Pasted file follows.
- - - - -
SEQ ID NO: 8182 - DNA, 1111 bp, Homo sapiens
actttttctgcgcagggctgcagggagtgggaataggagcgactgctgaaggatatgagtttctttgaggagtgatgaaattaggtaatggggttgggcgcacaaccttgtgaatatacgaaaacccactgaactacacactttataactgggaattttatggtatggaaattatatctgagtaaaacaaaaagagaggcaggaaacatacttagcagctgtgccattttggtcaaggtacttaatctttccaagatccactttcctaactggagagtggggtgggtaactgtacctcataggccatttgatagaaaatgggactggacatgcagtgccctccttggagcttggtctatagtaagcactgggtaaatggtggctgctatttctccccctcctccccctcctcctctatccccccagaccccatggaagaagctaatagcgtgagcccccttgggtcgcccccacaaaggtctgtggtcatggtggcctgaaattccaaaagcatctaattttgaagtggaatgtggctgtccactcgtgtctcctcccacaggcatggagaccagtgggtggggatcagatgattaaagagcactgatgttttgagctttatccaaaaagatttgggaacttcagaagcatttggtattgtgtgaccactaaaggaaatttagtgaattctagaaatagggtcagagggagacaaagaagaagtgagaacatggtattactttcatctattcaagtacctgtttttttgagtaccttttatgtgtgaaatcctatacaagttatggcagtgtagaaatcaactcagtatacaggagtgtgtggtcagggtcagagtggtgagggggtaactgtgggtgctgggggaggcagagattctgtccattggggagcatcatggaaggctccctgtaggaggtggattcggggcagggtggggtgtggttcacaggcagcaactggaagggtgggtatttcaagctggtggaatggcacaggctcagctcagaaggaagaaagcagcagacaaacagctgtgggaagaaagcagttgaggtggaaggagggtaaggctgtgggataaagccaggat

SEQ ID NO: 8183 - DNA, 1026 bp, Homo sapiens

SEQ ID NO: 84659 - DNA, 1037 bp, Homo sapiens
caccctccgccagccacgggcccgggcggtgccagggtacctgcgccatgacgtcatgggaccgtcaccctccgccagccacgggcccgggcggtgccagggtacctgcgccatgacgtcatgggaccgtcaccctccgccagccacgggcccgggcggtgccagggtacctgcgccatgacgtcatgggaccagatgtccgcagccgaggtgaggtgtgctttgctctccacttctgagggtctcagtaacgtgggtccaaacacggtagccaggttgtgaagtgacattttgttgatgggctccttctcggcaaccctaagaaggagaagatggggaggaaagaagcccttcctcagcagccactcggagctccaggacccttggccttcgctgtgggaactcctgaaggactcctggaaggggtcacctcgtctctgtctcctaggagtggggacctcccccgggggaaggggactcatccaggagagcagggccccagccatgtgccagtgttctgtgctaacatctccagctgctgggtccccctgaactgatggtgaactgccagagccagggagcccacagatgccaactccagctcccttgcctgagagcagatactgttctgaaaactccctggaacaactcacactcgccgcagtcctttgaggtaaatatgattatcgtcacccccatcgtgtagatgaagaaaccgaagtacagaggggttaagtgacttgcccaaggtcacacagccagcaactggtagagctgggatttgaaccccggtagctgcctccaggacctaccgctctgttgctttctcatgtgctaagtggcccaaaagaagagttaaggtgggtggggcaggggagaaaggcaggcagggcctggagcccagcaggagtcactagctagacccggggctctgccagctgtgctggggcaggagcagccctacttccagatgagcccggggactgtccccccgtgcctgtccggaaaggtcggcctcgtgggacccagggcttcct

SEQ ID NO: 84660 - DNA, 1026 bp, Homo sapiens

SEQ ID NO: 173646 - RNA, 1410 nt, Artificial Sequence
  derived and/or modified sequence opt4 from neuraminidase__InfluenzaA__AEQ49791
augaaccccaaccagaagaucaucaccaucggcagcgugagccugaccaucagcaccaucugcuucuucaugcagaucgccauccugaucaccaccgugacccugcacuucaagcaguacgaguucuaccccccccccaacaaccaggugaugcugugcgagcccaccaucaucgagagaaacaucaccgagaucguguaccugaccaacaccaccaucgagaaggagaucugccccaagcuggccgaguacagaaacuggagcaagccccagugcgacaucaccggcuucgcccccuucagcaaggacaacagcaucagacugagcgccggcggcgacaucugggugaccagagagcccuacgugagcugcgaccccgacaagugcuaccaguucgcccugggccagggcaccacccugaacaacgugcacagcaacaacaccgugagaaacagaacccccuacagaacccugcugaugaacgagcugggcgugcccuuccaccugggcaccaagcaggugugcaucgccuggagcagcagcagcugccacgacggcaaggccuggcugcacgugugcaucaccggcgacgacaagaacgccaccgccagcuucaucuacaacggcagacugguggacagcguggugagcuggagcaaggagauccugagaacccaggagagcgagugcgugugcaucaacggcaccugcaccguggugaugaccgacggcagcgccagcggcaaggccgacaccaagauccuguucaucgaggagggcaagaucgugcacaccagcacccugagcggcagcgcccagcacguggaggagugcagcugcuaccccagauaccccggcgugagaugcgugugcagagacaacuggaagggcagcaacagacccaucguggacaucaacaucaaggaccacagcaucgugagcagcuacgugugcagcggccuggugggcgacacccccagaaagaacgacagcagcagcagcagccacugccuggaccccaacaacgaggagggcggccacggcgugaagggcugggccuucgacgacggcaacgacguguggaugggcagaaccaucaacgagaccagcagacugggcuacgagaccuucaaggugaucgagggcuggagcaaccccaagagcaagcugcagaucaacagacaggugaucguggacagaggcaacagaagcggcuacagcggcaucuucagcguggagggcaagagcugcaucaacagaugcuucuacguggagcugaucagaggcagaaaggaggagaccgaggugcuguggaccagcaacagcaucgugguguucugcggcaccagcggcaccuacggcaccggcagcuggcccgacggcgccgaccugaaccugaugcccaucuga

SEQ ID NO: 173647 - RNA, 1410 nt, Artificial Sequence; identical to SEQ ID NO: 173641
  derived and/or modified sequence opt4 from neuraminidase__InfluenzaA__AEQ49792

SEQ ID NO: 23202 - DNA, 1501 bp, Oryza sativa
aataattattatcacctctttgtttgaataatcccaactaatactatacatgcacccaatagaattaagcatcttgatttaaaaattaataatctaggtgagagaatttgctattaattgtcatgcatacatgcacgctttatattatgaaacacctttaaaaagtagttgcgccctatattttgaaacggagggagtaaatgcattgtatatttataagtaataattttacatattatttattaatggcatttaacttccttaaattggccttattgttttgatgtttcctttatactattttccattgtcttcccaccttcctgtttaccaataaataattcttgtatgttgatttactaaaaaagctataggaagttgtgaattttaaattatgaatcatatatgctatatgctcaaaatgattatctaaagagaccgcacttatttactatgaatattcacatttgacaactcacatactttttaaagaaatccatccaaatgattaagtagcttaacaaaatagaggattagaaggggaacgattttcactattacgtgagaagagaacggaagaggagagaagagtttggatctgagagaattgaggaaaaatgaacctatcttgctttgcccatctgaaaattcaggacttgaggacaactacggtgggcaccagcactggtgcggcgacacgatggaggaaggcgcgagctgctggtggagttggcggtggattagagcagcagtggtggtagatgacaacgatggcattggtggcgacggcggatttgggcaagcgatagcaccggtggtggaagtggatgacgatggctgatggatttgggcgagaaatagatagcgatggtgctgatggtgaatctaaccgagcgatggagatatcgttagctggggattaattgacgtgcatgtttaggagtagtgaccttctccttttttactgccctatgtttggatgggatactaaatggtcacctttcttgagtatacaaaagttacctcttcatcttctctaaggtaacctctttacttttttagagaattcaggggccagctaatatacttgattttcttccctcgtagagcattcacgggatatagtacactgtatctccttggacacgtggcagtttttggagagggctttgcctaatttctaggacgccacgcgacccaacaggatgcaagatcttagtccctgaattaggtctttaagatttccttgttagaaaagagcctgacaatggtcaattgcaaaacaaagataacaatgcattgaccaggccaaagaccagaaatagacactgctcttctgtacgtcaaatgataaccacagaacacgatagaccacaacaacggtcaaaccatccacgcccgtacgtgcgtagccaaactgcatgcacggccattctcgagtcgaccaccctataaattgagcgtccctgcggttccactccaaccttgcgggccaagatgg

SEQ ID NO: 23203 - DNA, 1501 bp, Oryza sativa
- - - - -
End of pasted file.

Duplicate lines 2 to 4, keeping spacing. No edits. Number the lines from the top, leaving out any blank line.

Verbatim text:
actttttctgcgcagggctgcagggagtgggaataggagcgactgctgaaggatatgagtttctttgaggagtgatgaaattaggtaatggggttgggcgcacaaccttgtgaatatacgaaaacccactgaactacacactttataactgggaattttatggtatggaaattatatctgagtaaaacaaaaagagaggcaggaaacatacttagcagctgtgccattttggtcaaggtacttaatctttccaagatccactttcctaactggagagtggggtgggtaactgtacctcataggccatttgatagaaaatgggactggacatgcagtgccctccttggagcttggtctatagtaagcactgggtaaatggtggctgctatttctccccctcctccccctcctcctctatccccccagaccccatggaagaagctaatagcgtgagcccccttgggtcgcccccacaaaggtctgtggtcatggtggcctgaaattccaaaagcatctaattttgaagtggaatgtggctgtccactcgtgtctcctcccacaggcatggagaccagtgggtggggatcagatgattaaagagcactgatgttttgagctttatccaaaaagatttgggaacttcagaagcatttggtattgtgtgaccactaaaggaaatttagtgaattctagaaatagggtcagagggagacaaagaagaagtgagaacatggtattactttcatctattcaagtacctgtttttttgagtaccttttatgtgtgaaatcctatacaagttatggcagtgtagaaatcaactcagtatacaggagtgtgtggtcagggtcagagtggtgagggggtaactgtgggtgctgggggaggcagagattctgtccattggggagcatcatggaaggctccctgtaggaggtggattcggggcagggtggggtgtggttcacaggcagcaactggaagggtgggtatttcaagctggtggaatggcacaggctcagctcagaaggaagaaagcagcagacaaacagctgtgggaagaaagcagttgaggtggaaggagggtaaggctgtgggataaagccaggat

SEQ ID NO: 8183 - DNA, 1026 bp, Homo sapiens

SEQ ID NO: 84659 - DNA, 1037 bp, Homo sapiens